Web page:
VCs drawn to video game industry.
.Creators look for alternatives to industry's traditional way of financing titles. .
LOS ANGELES ? Venture capitalists traditionally have ignored the video game business. Not anymore.
Video game developers and enthusiasts weren't the only ones attending the Electronic Entertainment Expo trade show last week. Venture capitalists were there, too.
"Traditionally, venture capitalists have stayed away," said Craig Cooper, a partner at Softbank Venture Partners who planned to attend the show.
"For a long time, it's been a developer-publisher-finance model. It used to be very simple," Cooper said.
The industry didn't necessarily need or welcome venture firms. Big video game developers such as Electronic Arts Inc. or THQ Inc. financed game development in-house, and smaller boutique studios signed distribution and co-development deals with bigger firms.
"Now, they go straight to venture financing," Cooper said. "And it's not until the tail end, either. It's the more traditional model of investing in the beginning."
Mobile game companies
, in particular, have drawn venture financing. For example, last year, LimeLife, a mobile content publisher in the San Francisco Bay area, raised more than $5 million in its Series A round. Blue Frog Mobile, a company based in the Seattle area that sells mobile games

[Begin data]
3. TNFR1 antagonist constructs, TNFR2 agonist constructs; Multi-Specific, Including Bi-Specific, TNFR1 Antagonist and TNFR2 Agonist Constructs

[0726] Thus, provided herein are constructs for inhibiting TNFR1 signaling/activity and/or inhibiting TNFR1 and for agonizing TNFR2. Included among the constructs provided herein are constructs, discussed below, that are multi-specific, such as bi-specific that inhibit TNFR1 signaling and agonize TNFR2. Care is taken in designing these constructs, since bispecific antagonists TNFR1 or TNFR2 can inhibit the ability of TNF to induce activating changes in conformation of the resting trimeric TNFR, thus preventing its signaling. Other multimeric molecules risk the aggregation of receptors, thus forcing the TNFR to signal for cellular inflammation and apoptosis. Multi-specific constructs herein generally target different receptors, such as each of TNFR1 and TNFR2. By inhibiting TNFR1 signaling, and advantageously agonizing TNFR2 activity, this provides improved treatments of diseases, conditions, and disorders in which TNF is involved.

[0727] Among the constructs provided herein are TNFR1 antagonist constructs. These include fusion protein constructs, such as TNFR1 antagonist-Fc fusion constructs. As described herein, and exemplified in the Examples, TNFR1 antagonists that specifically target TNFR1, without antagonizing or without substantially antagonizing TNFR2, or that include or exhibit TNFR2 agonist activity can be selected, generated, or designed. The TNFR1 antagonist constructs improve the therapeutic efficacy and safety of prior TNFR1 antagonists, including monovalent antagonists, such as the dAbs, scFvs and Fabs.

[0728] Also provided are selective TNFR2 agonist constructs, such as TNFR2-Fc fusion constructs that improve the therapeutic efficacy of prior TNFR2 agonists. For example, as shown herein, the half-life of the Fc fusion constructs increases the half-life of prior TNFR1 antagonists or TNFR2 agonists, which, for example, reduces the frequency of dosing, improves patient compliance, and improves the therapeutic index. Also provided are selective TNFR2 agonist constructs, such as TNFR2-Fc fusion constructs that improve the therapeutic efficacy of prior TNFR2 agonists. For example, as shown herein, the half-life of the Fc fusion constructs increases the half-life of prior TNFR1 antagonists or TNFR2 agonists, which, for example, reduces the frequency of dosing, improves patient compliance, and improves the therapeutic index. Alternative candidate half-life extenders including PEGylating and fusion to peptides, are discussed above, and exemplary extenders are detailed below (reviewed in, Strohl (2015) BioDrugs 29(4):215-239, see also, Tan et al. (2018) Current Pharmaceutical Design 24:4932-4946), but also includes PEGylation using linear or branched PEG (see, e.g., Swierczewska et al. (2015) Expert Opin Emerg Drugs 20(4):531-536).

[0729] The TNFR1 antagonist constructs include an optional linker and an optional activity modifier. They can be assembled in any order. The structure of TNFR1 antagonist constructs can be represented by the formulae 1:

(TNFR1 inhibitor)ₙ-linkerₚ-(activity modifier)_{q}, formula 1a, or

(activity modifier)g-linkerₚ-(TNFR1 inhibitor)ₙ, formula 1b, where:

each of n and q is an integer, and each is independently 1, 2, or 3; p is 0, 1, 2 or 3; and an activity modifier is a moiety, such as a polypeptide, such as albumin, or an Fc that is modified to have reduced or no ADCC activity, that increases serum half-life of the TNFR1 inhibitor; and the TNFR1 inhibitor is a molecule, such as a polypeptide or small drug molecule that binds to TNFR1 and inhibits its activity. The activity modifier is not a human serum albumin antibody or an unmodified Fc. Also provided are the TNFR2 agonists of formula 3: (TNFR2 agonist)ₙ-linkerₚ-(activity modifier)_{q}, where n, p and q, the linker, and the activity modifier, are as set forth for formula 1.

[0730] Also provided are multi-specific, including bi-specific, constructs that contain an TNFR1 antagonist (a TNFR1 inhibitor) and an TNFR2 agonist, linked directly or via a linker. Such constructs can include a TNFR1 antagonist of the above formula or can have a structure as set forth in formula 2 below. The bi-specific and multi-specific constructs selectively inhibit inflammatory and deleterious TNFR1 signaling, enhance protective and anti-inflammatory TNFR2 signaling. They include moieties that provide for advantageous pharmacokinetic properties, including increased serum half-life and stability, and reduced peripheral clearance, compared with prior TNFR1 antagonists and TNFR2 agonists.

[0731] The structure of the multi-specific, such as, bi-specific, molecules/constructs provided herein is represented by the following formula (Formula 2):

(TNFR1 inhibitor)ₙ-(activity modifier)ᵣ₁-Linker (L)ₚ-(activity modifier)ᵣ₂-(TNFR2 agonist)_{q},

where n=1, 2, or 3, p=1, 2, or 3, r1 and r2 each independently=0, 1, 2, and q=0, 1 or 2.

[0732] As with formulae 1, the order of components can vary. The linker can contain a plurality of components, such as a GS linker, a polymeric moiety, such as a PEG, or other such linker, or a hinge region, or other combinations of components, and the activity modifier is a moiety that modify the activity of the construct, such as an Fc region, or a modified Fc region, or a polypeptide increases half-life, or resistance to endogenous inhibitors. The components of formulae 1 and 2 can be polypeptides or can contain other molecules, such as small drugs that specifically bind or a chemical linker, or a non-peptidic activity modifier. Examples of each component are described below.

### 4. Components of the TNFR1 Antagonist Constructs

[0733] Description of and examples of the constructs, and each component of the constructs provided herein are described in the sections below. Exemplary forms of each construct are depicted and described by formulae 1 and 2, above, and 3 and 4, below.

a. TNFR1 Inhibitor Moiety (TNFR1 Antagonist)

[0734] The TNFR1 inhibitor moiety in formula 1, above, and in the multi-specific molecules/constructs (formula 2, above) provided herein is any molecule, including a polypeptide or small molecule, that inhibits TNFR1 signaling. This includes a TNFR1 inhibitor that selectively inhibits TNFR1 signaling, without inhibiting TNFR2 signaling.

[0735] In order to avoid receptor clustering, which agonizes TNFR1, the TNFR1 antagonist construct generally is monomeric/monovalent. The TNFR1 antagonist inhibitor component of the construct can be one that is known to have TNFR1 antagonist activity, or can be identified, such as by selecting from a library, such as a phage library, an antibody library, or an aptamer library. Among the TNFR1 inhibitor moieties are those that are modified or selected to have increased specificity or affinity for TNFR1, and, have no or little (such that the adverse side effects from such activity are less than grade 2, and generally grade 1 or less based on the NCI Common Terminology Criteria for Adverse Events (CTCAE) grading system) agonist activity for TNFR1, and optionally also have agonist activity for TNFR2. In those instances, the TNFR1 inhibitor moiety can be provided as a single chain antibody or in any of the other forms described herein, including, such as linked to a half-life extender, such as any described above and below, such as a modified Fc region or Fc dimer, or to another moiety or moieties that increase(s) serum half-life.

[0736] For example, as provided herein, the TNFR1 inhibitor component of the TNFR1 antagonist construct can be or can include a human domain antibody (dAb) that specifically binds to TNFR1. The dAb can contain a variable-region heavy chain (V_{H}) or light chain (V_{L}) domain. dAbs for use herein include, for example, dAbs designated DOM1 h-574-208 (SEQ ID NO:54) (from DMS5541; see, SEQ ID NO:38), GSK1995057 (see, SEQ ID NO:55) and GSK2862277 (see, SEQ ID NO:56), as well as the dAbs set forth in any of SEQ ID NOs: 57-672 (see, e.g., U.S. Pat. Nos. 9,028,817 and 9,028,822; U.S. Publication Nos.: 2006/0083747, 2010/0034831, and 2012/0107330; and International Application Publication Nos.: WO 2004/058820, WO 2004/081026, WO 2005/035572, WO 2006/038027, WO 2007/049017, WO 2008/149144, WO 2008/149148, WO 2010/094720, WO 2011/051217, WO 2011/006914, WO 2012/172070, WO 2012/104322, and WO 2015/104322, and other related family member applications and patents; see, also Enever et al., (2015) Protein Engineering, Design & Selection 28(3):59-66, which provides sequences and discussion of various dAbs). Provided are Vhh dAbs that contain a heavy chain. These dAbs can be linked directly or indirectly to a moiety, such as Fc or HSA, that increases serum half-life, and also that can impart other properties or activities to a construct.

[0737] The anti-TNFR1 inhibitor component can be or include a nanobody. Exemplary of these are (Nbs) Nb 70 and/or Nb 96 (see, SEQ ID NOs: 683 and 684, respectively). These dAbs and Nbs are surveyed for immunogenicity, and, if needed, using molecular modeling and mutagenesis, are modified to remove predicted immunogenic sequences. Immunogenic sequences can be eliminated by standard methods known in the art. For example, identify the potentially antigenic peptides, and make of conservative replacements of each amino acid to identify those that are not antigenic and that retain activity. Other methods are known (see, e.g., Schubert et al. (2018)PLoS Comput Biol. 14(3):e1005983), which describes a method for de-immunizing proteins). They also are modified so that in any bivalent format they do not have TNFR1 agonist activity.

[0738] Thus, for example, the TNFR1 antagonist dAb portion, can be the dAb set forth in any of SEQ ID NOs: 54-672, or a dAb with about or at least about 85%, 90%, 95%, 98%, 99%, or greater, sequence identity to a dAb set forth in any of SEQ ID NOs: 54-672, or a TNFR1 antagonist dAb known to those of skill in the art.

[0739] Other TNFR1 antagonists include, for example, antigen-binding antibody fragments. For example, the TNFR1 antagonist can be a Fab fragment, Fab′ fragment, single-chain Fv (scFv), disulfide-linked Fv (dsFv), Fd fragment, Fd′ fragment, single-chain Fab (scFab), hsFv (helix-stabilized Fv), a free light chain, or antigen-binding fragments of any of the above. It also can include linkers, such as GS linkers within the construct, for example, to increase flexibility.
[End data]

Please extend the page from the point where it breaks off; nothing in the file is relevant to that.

, drew $16 million in a first round of funding.
"You're seeing a greater interest in consumer (technology), which includes video games, and I think that you're going to see this area expand," said Mark Heesen, president of the National Venture Capital Association.
Of particular interest in this area are "casual games," simple games that don't require a lot of upfront development cost and allow users to easily learn the rules and play. These types of games have drawn the eye of Mark Menell, a partner at Rustic Canyon Partners, which sent three people to the Electronic Entertainment Expo this year.
Earlier this year, Rustic Canyon made an investment in a company called PlayFirst, which provides downloadable casual games.
With casual games "you can produce a game for much less money," Menell said. "Plus, it's an Internet distribution model, which provides for frictionless distribution as compared to the traditional retail channel."